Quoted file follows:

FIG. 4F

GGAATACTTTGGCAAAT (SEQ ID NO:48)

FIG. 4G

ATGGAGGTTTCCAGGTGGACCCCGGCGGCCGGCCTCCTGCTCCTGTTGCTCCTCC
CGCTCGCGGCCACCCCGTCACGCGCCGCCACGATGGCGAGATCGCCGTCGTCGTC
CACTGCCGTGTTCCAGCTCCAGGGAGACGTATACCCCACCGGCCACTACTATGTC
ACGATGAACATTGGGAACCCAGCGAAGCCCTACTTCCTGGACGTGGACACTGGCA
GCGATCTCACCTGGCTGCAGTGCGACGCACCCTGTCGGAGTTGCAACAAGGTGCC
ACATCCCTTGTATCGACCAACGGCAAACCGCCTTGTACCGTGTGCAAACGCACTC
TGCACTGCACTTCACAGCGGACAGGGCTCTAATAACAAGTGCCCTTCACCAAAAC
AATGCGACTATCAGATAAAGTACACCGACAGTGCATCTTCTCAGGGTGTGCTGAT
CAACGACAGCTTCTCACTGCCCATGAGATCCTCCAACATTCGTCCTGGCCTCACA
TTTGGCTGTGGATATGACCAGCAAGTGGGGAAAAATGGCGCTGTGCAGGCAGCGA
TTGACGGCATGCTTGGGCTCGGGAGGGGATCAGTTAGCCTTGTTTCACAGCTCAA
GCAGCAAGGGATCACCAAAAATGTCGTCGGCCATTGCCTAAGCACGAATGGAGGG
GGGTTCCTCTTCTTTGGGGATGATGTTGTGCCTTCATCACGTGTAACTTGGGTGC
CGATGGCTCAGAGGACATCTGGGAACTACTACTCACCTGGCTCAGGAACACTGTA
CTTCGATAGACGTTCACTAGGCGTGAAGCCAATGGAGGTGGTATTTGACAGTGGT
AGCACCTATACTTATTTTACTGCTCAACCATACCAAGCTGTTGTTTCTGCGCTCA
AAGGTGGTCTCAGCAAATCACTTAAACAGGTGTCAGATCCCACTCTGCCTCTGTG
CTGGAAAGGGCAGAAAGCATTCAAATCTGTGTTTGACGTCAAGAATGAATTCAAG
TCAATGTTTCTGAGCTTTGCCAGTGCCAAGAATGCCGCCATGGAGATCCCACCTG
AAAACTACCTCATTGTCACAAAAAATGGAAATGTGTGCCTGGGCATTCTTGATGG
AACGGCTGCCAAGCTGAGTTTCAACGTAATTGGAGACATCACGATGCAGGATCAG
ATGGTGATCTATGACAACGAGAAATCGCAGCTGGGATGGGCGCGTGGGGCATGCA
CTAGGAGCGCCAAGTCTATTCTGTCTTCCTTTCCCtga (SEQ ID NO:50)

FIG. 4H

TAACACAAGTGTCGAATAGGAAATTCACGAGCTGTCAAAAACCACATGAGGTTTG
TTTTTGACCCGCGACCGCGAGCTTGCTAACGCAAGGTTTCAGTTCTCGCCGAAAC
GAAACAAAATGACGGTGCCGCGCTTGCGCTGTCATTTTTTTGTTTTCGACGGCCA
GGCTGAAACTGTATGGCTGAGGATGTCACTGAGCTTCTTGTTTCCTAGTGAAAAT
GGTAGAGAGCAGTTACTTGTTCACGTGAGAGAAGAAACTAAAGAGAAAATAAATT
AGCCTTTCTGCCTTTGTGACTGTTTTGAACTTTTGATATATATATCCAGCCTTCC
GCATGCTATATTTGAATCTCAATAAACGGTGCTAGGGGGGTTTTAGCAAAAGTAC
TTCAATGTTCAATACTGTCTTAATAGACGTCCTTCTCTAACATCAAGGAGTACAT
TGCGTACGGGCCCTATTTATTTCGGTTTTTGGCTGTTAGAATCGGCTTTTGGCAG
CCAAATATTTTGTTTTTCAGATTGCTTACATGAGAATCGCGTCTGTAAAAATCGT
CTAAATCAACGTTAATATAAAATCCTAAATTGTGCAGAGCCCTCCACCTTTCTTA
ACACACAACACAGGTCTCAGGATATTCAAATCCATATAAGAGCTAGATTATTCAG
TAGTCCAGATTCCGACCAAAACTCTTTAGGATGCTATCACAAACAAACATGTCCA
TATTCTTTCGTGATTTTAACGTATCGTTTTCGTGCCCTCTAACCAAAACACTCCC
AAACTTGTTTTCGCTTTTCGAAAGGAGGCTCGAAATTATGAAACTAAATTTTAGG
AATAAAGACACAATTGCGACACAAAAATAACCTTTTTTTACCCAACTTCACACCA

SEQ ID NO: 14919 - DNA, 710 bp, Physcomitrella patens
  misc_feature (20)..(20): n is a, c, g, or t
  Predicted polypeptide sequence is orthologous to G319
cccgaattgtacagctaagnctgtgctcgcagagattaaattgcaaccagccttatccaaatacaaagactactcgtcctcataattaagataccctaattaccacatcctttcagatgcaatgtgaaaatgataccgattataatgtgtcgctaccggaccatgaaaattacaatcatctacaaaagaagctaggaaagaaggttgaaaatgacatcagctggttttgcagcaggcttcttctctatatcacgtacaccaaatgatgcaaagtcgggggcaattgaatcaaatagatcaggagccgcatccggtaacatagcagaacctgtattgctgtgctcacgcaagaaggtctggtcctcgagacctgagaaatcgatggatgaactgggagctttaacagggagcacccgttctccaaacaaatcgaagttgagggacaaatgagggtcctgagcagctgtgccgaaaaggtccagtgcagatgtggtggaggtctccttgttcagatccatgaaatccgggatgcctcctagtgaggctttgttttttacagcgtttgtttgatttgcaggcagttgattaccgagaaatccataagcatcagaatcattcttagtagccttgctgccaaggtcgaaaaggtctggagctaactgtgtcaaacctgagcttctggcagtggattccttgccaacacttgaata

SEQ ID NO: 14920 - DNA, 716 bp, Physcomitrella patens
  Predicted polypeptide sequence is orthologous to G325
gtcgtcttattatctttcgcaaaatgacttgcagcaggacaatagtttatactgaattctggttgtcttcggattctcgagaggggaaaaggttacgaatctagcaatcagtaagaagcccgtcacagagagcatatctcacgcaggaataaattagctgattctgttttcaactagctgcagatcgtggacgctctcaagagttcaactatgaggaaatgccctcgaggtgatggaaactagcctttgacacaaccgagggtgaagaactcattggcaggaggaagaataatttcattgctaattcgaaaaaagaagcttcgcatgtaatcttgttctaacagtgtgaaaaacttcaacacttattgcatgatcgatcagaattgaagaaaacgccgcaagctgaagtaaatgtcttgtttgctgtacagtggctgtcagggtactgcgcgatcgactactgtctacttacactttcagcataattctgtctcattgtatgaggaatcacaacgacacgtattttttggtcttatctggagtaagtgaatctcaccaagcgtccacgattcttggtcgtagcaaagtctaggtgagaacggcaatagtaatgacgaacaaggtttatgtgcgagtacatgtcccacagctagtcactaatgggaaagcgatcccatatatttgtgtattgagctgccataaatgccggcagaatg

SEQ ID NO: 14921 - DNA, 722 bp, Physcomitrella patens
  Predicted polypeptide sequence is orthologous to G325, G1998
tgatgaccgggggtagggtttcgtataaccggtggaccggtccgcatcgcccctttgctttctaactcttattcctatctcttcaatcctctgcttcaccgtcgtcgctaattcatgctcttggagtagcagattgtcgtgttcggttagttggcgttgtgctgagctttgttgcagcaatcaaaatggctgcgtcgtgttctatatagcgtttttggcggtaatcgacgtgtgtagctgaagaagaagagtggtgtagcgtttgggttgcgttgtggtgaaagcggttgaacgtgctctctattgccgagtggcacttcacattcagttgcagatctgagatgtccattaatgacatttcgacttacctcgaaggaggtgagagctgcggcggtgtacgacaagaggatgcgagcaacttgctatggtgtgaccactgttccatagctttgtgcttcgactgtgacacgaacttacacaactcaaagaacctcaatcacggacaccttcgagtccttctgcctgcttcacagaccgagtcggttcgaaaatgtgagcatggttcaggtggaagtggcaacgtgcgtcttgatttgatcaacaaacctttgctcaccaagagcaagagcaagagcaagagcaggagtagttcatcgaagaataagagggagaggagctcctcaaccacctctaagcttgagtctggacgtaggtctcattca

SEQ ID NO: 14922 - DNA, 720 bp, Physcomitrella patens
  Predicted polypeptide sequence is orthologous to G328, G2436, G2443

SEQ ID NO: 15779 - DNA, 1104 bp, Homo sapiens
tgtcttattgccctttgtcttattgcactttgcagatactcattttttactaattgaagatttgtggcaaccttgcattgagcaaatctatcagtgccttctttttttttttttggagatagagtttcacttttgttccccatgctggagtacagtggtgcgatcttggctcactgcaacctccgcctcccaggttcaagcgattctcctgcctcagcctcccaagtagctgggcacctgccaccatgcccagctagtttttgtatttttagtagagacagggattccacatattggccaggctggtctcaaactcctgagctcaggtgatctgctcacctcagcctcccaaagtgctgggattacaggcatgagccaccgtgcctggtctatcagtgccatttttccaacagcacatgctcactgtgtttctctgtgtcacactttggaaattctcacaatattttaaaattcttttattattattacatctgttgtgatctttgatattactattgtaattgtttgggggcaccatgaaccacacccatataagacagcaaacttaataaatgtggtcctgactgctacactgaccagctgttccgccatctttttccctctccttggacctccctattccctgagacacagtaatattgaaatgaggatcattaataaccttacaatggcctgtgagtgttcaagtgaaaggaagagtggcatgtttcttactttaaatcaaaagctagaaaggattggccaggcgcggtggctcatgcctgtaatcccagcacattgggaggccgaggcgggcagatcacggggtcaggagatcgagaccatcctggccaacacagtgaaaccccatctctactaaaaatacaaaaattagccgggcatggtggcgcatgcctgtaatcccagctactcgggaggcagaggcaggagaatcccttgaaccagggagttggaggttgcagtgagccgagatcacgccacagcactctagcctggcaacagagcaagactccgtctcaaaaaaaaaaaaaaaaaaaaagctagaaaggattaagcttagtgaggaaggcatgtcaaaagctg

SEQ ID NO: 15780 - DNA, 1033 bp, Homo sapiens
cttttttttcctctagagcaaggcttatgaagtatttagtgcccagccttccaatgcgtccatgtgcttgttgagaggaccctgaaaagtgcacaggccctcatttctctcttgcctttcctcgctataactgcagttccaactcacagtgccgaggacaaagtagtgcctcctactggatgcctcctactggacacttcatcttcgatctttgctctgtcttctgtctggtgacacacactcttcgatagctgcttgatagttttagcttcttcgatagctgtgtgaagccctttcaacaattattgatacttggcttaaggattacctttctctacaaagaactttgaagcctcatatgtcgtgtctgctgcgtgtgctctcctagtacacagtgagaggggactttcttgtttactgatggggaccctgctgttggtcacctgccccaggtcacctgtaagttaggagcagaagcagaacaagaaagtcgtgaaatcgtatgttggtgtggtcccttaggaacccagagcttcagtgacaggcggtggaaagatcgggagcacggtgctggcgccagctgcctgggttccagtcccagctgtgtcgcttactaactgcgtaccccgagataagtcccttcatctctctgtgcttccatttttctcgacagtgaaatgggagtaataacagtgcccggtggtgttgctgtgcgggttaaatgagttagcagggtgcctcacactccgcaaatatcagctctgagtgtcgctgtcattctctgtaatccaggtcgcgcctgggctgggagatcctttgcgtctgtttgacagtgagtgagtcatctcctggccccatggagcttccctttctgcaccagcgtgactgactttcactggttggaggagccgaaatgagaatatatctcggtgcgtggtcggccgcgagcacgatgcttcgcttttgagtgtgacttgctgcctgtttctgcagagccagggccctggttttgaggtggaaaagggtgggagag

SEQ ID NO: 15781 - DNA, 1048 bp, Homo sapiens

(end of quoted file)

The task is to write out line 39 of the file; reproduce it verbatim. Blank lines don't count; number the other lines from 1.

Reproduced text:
ACACACAACACAGGTCTCAGGATATTCAAATCCATATAAGAGCTAGATTATTCAG